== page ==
1. I don't think this will find the count of contacts that exist containing that substring or start with that substring

  2. At 2.24, for children instance variable's data type, she said though HashMap would take more memory but they(HM) would make certain operations easier. What does she mean by that? Wouldn't taking an array of length 26 every time is inefficient, since a node would not always have all 26 characters as children?

  3. If anyone managed to implement this in Swift let me know. Id love to take a look at it. Ive tried dictionaries with already implemented words for quick lookup .etc. but im still timing out on some of the tests

  4. The variable CharCode is not being used. By the way thanks a lot for your videos they are great and helping me a lot. =D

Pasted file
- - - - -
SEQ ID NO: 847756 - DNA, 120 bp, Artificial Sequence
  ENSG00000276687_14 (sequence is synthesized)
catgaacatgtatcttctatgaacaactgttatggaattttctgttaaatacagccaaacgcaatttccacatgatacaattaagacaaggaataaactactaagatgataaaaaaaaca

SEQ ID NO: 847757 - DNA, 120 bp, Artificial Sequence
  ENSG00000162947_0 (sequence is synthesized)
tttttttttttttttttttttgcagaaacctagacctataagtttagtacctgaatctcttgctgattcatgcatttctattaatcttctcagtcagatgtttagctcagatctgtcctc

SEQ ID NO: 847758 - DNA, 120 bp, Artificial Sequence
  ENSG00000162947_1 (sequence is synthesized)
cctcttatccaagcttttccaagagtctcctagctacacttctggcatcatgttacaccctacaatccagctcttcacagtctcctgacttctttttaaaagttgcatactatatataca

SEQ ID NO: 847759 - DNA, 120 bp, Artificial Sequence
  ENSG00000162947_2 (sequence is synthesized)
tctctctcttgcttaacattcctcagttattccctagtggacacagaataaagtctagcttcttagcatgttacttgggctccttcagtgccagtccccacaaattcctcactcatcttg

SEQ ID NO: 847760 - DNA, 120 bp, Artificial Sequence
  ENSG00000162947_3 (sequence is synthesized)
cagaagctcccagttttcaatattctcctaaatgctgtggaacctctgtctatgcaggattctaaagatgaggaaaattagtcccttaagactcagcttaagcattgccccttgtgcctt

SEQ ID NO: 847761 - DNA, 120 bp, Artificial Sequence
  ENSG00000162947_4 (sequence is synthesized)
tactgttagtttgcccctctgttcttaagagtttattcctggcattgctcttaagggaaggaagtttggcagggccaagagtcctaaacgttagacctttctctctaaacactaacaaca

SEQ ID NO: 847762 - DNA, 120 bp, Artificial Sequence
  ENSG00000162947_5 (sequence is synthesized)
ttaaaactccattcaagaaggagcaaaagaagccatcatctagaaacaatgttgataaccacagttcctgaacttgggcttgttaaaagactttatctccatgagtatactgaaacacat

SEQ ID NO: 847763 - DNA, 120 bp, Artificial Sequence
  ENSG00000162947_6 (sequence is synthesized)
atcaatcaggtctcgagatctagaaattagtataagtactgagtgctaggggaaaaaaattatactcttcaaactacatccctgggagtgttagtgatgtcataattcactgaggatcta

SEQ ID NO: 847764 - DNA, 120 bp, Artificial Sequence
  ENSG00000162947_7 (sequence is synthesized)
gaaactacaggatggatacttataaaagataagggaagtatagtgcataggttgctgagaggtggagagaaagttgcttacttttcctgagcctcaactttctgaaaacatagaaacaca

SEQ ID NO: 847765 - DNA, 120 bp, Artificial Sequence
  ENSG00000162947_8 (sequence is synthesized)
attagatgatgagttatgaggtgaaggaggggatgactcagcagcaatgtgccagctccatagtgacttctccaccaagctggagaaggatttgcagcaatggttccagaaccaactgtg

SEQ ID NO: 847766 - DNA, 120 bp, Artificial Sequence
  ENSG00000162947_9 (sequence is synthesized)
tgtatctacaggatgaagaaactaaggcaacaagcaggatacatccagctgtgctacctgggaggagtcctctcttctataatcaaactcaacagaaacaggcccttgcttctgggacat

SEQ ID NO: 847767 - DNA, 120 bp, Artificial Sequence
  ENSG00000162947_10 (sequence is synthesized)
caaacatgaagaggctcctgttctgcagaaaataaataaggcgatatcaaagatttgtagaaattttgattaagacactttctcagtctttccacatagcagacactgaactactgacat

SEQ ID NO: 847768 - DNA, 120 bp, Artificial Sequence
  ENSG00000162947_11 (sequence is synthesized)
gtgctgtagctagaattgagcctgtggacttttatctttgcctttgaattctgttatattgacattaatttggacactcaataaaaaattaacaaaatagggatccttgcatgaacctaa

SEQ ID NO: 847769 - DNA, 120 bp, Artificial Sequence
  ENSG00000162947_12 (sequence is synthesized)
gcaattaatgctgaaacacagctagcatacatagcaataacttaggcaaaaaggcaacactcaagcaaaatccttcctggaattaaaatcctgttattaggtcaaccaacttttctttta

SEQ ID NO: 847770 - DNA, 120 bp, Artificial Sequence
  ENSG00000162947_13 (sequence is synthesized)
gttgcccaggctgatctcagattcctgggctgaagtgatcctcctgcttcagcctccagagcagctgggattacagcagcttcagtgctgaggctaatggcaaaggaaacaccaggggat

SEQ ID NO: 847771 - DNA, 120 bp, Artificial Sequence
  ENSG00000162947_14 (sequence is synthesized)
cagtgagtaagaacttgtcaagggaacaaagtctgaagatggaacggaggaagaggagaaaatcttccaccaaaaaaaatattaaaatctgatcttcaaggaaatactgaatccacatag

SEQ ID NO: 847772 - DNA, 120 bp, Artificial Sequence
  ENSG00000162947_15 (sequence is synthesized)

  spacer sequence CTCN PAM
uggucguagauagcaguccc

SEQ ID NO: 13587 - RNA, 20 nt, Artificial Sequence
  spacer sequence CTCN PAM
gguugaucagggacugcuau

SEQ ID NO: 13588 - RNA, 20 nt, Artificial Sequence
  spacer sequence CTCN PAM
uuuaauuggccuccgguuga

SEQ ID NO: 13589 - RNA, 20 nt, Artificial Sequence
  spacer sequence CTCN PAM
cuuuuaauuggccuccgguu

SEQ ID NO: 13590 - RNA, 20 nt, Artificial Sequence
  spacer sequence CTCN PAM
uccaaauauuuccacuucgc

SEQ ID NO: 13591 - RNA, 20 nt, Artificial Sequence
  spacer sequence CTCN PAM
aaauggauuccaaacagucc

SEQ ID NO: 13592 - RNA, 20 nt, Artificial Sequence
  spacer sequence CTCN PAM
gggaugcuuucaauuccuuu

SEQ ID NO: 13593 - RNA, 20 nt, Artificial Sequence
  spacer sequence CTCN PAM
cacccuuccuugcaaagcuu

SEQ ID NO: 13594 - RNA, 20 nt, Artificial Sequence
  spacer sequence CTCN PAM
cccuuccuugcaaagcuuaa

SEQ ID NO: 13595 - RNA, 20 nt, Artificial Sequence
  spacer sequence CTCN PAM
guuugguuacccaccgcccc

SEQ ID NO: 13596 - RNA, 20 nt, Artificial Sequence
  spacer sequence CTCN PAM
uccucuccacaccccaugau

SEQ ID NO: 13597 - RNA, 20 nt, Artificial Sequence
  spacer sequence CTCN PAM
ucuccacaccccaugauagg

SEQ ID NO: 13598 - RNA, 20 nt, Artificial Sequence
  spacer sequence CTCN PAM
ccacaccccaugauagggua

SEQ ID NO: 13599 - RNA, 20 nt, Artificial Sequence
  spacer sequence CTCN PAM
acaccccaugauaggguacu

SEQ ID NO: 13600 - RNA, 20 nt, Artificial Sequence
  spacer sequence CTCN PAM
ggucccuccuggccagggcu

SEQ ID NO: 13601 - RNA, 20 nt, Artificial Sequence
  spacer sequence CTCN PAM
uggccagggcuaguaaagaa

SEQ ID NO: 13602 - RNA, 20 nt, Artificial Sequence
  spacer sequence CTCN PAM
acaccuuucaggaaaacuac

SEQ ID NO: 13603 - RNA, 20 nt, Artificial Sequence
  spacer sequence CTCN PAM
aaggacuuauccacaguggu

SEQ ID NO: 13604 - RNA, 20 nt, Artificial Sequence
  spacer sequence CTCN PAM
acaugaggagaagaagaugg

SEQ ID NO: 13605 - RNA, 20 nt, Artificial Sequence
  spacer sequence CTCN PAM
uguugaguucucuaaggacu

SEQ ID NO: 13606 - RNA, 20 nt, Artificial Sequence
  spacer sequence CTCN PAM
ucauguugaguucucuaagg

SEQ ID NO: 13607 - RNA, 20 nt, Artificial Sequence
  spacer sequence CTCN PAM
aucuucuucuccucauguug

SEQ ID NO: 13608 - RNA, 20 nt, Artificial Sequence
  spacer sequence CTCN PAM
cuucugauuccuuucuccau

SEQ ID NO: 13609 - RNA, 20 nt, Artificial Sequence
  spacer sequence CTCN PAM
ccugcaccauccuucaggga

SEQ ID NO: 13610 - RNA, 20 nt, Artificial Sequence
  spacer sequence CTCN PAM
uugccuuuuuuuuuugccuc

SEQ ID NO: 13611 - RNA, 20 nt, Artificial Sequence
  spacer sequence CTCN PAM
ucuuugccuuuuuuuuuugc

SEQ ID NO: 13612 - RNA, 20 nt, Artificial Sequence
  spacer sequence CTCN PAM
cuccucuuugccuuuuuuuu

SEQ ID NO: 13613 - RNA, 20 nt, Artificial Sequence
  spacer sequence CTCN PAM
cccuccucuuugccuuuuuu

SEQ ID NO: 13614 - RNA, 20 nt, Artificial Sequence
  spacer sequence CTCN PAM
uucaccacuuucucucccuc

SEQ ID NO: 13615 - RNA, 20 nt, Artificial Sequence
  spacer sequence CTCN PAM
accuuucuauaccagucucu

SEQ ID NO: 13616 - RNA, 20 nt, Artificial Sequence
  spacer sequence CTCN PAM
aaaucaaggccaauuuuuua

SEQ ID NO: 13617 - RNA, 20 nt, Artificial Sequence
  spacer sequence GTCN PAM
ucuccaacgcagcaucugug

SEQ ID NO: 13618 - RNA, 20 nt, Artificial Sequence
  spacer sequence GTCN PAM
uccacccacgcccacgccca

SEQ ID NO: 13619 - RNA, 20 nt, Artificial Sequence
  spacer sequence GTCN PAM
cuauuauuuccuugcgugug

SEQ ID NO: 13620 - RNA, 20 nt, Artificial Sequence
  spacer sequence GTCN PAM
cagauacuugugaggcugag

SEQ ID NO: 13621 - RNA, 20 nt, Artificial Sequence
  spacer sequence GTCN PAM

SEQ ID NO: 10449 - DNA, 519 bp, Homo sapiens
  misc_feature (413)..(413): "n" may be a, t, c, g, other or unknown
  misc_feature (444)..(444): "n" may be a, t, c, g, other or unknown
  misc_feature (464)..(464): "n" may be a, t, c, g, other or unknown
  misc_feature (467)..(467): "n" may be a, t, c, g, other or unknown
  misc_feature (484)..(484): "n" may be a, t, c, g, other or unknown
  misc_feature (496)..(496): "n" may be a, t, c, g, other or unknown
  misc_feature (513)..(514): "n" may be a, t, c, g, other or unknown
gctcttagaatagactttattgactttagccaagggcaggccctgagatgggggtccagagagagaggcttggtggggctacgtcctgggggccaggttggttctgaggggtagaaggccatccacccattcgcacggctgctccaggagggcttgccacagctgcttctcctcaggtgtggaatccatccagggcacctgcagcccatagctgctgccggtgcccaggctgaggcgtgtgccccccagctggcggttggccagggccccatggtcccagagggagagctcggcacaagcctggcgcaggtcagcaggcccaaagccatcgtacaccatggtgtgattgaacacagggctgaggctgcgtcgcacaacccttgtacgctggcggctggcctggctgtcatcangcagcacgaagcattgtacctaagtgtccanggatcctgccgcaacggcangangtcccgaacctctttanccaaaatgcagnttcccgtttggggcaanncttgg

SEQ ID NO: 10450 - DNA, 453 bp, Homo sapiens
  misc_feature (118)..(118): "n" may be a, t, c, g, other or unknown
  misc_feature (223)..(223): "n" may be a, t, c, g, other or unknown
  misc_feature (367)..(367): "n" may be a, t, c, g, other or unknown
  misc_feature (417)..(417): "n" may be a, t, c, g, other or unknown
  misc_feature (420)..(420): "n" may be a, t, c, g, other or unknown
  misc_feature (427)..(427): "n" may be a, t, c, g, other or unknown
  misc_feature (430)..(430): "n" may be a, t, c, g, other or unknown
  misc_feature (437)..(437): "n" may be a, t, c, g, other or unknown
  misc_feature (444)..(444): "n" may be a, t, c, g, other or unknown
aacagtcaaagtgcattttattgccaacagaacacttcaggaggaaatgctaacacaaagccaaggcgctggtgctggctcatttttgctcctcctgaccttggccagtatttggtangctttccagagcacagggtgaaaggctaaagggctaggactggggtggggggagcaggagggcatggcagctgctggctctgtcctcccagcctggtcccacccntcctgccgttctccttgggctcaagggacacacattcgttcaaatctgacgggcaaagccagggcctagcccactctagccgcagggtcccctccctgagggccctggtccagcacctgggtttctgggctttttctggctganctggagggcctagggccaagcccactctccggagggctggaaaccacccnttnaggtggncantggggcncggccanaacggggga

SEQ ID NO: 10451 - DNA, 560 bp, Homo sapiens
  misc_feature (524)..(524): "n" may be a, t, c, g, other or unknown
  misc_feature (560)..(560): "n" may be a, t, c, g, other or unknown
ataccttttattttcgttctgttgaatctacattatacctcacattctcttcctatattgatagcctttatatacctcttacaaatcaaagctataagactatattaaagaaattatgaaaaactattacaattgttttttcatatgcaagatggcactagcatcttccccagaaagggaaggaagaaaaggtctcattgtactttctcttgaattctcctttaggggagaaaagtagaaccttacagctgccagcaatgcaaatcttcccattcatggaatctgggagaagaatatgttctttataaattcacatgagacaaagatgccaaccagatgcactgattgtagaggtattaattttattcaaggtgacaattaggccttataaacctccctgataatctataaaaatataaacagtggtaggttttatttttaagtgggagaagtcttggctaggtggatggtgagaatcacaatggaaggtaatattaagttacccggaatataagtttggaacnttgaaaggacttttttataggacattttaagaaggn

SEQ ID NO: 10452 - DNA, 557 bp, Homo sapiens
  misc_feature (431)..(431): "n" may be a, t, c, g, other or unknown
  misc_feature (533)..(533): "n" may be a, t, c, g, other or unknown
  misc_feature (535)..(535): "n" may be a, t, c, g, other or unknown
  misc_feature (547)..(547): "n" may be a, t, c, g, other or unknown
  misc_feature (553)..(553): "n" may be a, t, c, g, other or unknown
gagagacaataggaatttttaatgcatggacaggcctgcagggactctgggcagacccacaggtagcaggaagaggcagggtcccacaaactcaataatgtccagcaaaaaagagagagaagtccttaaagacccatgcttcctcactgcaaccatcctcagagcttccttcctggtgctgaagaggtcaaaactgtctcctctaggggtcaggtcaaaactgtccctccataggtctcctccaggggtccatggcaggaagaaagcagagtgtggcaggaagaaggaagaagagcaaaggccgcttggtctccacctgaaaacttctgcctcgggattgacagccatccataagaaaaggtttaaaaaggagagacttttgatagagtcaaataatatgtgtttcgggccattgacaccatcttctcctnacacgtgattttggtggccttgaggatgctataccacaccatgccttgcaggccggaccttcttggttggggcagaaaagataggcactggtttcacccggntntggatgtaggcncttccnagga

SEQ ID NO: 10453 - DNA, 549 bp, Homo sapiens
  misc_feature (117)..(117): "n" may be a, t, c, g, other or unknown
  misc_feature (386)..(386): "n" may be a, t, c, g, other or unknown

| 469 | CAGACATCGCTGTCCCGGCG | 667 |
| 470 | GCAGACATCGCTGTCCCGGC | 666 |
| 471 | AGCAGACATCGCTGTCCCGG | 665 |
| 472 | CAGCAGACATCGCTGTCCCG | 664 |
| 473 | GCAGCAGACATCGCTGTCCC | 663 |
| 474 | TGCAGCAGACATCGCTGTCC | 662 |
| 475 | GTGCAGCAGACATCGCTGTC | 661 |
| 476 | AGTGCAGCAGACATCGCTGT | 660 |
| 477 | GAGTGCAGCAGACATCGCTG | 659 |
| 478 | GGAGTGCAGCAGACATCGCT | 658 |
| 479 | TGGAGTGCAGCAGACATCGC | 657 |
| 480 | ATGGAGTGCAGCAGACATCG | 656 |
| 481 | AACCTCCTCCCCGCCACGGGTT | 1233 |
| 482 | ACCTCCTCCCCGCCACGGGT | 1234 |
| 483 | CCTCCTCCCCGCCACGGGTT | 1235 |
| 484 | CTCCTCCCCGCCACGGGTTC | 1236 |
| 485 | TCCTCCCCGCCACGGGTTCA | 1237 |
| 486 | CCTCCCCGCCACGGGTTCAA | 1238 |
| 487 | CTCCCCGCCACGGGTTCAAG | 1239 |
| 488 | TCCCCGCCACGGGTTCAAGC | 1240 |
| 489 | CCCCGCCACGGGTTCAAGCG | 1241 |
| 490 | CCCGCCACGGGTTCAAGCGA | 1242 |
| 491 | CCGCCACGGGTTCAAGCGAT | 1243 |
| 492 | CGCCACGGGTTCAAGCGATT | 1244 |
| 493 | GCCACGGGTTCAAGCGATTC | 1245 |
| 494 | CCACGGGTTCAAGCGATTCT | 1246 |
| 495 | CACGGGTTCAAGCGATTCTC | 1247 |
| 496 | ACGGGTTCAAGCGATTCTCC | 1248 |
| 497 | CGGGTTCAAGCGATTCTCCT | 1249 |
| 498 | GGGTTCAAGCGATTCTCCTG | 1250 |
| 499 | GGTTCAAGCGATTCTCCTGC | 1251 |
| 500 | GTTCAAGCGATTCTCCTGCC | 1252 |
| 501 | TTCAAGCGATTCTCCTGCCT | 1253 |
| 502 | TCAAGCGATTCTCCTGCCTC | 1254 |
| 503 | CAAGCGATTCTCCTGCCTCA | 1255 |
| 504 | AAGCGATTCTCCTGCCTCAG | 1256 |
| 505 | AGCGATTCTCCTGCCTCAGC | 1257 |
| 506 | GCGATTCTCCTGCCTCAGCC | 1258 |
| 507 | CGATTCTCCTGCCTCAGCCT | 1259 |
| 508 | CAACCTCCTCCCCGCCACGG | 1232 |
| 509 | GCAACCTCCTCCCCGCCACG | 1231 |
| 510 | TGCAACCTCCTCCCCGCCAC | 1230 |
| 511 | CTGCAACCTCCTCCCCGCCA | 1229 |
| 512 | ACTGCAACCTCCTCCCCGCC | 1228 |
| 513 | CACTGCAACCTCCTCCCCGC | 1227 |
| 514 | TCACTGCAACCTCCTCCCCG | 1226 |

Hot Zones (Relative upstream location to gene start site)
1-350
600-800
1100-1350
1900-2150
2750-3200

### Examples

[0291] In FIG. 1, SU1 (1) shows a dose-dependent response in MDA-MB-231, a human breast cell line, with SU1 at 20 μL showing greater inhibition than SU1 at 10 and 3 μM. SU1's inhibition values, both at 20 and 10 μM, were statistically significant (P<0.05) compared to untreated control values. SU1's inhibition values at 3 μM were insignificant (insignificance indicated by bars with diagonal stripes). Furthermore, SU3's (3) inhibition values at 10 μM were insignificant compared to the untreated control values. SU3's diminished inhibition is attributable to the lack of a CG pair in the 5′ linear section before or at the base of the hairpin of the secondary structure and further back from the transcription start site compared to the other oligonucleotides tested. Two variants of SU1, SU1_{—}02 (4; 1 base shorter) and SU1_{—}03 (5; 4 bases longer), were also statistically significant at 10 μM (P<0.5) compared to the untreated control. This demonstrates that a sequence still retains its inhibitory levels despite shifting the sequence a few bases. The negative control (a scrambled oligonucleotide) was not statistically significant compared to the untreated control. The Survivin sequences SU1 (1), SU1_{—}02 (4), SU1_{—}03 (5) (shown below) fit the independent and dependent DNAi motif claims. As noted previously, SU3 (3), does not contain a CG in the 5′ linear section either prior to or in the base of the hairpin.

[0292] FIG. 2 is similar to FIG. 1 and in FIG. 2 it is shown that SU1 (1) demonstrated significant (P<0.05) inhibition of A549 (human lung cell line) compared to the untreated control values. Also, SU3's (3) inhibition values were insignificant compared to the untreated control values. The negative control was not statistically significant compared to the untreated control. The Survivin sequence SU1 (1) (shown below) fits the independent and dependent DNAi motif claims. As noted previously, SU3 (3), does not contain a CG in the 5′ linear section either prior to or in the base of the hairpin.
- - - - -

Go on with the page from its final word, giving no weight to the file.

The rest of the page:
5. question – at the add() function, shouldn't we check if the contact we try to add already in the trie tree? if so, the "size++" is wrong since there will be no adding to the number of contacts on that string route… what am I missing?

  6. What if I want to delete a contact from my contacts' directory? I've implemented deletion also –

  7. This logic would not work with duplicates, correct? A Trie will not have duplicates but by this logic size still gets incremented. Am I missing something?

  8. Code would be clear if she actually walked through an example like "bat". Can someone walk through the code using this example?

  9. isn't it wrong you need to return the count of contacts that start with the string 's' and not all the strings which have prefixes as 's'.

  10. Is there any practical application where this solution is, in fact, the best solution? I simply cannot think of one.